Read Symmetries of Things by John H. Conway Heidi Burgiel Chaim Goodman-Strauss Online

symmetries-of-things

Start with a single shape. Repeat it in some way--translation, reflection over a line, rotation around a point--and you have created symmetry. Symmetry is a fundamental phenomenon in art, science, and nature that has been captured, described, and analyzed using mathematical concepts for a long time. Inspired by the geometric intuition of Bill Thurston and empowered by hisStart with a single shape. Repeat it in some way--translation, reflection over a line, rotation around a point--and you have created symmetry. Symmetry is a fundamental phenomenon in art, science, and nature that has been captured, described, and analyzed using mathematical concepts for a long time. Inspired by the geometric intuition of Bill Thurston and empowered by his own analytical skills, John Conway, with his coauthors, has developed a comprehensive mathematical theory of symmetry that allows the description and classification of symmetries in numerous geometric environments.This richly and compellingly illustrated book addresses the phenomenological, analytical, and mathematical aspects of symmetry on three levels that build on one another and will speak to interested lay people, artists, working mathematicians, and researchers....

Title : Symmetries of Things
Author :
Rating :
ISBN : 9781568812205
Format Type : Hardcover
Number of Pages : 448 Pages
Status : Available For Download
Last checked : 21 Minutes ago!

Symmetries of Things Reviews

  • Jeffrey
    2019-06-06 02:31

    Lets get the obvious out of the way. This is a math book. Still here? Good. This is a math book by among othersJohn Conway. You know, the creator of the Game of Life. I actually ran into the book through Chaim Goodman-Strauss, who has a wonderful podcast called Math Factor. Well worth your time if you are into recreational mathematics (and if you weren't, you probably would have stopped reading once I expected you to know who John Conway is). I'm afraid I don't know anything about Heidi Burgiel, so I can't really name drop her. Where was I?Ah yes, the book. This isn't your usual math book. Oh, it has lots of pretty pictures and beautiful equations (even better than)The Fractal Geometry of Nature. But this book has two big big things different. First up, the authors are very aware of what level they are writing to. The book is split into three parts, and in the intro they warn you Part 1 is for everyone, Part 2 is for those that know group theory, Part 3 is for professional mathematicians. That is exactly how the book lays out. For those of you that don't read math books for pleasure, this is very very rare.The other, and perhaps more shocking, thing is that it is written backwards. Oh, you get warned about that too, but it still comes as a shock as you finish the first chapter. See, math books are laid out so that you start at basic principles and step by step show bigger and bigger things. This is how math works. This book, on the other hand treats it more like an archaeological expedition where you are pawing around in some sand out in the Sahara and suddenly you find a gold cup. Wow this is cool! what else is here? By time you are through you know why everything was there. It is like the old school mystery novels where they "cheated" and after the detective got people together he starts revealing the clues the author never showed the reader. Except it works here. No, I don't know why. You end up having to keep a lot more in your head as (to steal from CS), he is presenting information in a stack rather than a queue. You have to remember what happened in the first chapter to get the payoff at the end.Anyway, I've blathered on long enough about it. I have no good objective complaints about the book. I don't know Group Theory, but it was the group theory jargon that killed me not the notation.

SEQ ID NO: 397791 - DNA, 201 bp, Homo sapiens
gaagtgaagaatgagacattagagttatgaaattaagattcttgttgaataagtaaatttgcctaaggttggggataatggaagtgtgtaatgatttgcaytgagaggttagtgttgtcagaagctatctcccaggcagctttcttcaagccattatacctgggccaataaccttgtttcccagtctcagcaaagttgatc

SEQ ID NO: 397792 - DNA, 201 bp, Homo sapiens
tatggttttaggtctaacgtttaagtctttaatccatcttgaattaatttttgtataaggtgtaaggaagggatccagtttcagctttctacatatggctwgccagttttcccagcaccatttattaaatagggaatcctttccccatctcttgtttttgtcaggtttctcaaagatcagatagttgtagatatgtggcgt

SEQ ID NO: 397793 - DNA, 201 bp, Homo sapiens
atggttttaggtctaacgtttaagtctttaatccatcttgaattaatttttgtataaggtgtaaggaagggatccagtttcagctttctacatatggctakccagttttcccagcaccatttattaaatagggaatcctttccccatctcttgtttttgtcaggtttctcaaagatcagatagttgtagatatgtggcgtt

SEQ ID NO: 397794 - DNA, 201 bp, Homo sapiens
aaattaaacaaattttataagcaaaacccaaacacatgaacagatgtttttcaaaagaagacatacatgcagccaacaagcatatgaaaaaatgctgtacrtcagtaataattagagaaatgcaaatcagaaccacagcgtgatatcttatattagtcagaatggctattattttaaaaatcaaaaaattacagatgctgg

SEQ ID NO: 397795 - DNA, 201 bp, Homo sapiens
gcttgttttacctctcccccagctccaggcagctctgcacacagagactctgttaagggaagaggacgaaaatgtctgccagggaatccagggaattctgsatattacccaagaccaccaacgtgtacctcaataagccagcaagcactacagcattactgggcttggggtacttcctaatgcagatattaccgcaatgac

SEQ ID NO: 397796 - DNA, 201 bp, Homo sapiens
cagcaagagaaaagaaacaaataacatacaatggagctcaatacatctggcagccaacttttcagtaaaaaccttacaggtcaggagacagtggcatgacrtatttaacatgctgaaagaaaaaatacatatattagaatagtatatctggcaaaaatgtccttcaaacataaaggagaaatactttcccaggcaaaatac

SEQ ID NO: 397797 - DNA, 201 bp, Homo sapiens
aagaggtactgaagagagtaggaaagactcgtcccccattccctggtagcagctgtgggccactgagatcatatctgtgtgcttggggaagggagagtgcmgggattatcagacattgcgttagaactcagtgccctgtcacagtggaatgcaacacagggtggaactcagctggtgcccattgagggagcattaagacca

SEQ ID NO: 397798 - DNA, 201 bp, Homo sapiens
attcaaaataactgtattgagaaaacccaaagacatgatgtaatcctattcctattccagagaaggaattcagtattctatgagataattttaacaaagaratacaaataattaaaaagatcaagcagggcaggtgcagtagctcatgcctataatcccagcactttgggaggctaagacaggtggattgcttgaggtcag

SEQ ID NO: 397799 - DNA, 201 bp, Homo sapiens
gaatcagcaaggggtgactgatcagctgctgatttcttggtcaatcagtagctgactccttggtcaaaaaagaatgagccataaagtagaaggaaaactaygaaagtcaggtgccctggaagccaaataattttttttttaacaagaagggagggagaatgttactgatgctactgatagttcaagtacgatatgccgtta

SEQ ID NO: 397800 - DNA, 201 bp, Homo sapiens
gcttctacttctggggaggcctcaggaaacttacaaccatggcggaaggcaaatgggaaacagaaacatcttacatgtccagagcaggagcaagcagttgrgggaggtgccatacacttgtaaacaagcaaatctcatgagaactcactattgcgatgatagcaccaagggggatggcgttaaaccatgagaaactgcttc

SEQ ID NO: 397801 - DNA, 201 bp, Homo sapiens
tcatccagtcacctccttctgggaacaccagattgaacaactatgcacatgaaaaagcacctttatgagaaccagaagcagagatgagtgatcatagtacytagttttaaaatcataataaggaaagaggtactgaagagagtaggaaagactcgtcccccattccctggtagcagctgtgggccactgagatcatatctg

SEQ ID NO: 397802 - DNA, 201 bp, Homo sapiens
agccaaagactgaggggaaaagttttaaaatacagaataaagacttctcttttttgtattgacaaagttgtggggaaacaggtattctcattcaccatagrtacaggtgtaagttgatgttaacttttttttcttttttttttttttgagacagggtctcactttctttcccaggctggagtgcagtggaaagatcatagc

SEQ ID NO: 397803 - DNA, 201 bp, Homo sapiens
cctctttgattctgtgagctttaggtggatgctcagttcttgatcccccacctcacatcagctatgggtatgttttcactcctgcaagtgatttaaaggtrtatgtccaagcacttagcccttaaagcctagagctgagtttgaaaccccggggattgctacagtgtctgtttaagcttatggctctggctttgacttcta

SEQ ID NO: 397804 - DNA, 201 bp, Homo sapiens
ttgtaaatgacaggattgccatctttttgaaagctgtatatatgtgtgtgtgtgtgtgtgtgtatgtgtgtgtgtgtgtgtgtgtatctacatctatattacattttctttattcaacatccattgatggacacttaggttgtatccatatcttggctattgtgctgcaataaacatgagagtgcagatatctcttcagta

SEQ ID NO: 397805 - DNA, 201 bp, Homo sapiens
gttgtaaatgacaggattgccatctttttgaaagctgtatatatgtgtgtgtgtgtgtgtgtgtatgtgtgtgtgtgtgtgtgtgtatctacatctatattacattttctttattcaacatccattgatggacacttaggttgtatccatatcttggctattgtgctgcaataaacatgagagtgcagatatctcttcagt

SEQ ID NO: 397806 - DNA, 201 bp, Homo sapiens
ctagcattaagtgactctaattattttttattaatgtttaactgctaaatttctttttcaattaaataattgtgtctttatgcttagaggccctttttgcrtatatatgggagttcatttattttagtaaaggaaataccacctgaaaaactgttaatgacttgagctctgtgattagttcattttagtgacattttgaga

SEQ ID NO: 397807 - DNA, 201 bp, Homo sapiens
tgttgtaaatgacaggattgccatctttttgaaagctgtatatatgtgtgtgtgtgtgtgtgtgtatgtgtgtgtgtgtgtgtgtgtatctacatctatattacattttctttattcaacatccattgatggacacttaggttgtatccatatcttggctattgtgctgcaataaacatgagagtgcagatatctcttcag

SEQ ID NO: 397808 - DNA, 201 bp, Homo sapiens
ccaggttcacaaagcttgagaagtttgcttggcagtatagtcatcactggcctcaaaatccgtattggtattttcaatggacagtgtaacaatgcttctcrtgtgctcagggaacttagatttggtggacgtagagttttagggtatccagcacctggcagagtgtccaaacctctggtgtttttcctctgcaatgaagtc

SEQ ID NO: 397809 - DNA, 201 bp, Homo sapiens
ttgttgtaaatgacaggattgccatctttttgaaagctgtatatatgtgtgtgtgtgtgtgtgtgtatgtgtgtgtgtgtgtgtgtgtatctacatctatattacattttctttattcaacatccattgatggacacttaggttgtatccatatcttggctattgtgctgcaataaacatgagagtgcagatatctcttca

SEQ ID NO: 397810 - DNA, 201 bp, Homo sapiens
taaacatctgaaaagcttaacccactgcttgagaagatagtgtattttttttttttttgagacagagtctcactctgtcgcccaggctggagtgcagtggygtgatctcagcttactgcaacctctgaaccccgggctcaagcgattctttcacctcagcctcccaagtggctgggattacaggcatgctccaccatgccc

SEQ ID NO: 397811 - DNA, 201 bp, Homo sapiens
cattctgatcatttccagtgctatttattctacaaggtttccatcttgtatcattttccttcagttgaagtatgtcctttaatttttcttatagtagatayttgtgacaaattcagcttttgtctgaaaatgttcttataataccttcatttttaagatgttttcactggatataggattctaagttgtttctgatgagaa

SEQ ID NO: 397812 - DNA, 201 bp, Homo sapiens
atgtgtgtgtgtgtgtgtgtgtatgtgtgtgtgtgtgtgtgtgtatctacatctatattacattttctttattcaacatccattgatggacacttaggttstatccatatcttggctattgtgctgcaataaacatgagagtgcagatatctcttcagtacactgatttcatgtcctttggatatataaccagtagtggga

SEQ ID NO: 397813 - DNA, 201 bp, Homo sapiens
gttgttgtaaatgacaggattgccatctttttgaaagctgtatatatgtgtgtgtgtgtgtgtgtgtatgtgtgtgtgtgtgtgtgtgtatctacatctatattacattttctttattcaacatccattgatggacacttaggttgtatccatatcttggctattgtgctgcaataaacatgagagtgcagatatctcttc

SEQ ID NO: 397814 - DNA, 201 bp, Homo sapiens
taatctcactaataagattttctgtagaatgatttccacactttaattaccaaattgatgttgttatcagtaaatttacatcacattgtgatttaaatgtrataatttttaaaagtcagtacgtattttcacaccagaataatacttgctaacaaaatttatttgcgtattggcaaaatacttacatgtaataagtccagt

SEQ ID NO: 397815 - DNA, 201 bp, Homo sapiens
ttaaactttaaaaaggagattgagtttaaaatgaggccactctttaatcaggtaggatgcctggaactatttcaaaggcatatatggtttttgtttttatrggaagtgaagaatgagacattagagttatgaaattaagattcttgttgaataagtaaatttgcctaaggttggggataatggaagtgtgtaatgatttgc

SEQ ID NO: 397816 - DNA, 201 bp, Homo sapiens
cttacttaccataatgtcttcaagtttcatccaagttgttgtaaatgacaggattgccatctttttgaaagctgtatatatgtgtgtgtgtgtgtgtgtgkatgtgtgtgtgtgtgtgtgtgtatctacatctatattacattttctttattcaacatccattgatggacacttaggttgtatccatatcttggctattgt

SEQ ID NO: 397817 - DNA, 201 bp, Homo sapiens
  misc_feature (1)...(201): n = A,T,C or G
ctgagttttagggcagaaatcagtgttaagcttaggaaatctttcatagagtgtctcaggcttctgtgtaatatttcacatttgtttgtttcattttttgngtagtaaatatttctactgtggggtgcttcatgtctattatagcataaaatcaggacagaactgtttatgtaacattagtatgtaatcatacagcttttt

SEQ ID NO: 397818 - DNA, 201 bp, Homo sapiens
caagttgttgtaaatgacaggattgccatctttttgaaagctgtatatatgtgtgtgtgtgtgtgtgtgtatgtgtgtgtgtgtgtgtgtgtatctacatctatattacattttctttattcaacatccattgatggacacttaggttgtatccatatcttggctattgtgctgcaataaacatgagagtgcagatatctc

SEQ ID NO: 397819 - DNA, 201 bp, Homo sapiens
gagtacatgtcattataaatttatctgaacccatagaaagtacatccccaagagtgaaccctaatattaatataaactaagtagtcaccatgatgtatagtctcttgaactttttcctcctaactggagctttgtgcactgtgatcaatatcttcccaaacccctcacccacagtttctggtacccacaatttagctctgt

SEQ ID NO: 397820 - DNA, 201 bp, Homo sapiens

• Peter Mcloughlin
    2019-06-05 04:18

    Lavishly illustrated and clear book on symmetries and how they relate to geometry and group theory. Whether it be tessellations, or repeating polyhedra in spherical, Euclidean or hyperbolic space and with topology included as well very down earth book for such an abstruse subject.

  • Eric Skaug
    2019-06-07 22:27

    Thoroughly enjoyed the first portion of this book. From there I understood progressively less (as the authors warned), but it was still fun to see what I could pick up as I went along. And of course, the illustrations were both beautiful and a fantastic aid to understanding.

  • Espen
    2019-06-09 00:20

    It is a beautiful book with lots of illustrative, colorful pictures, and completely awesome! Highly recommended for mathematically inclined children!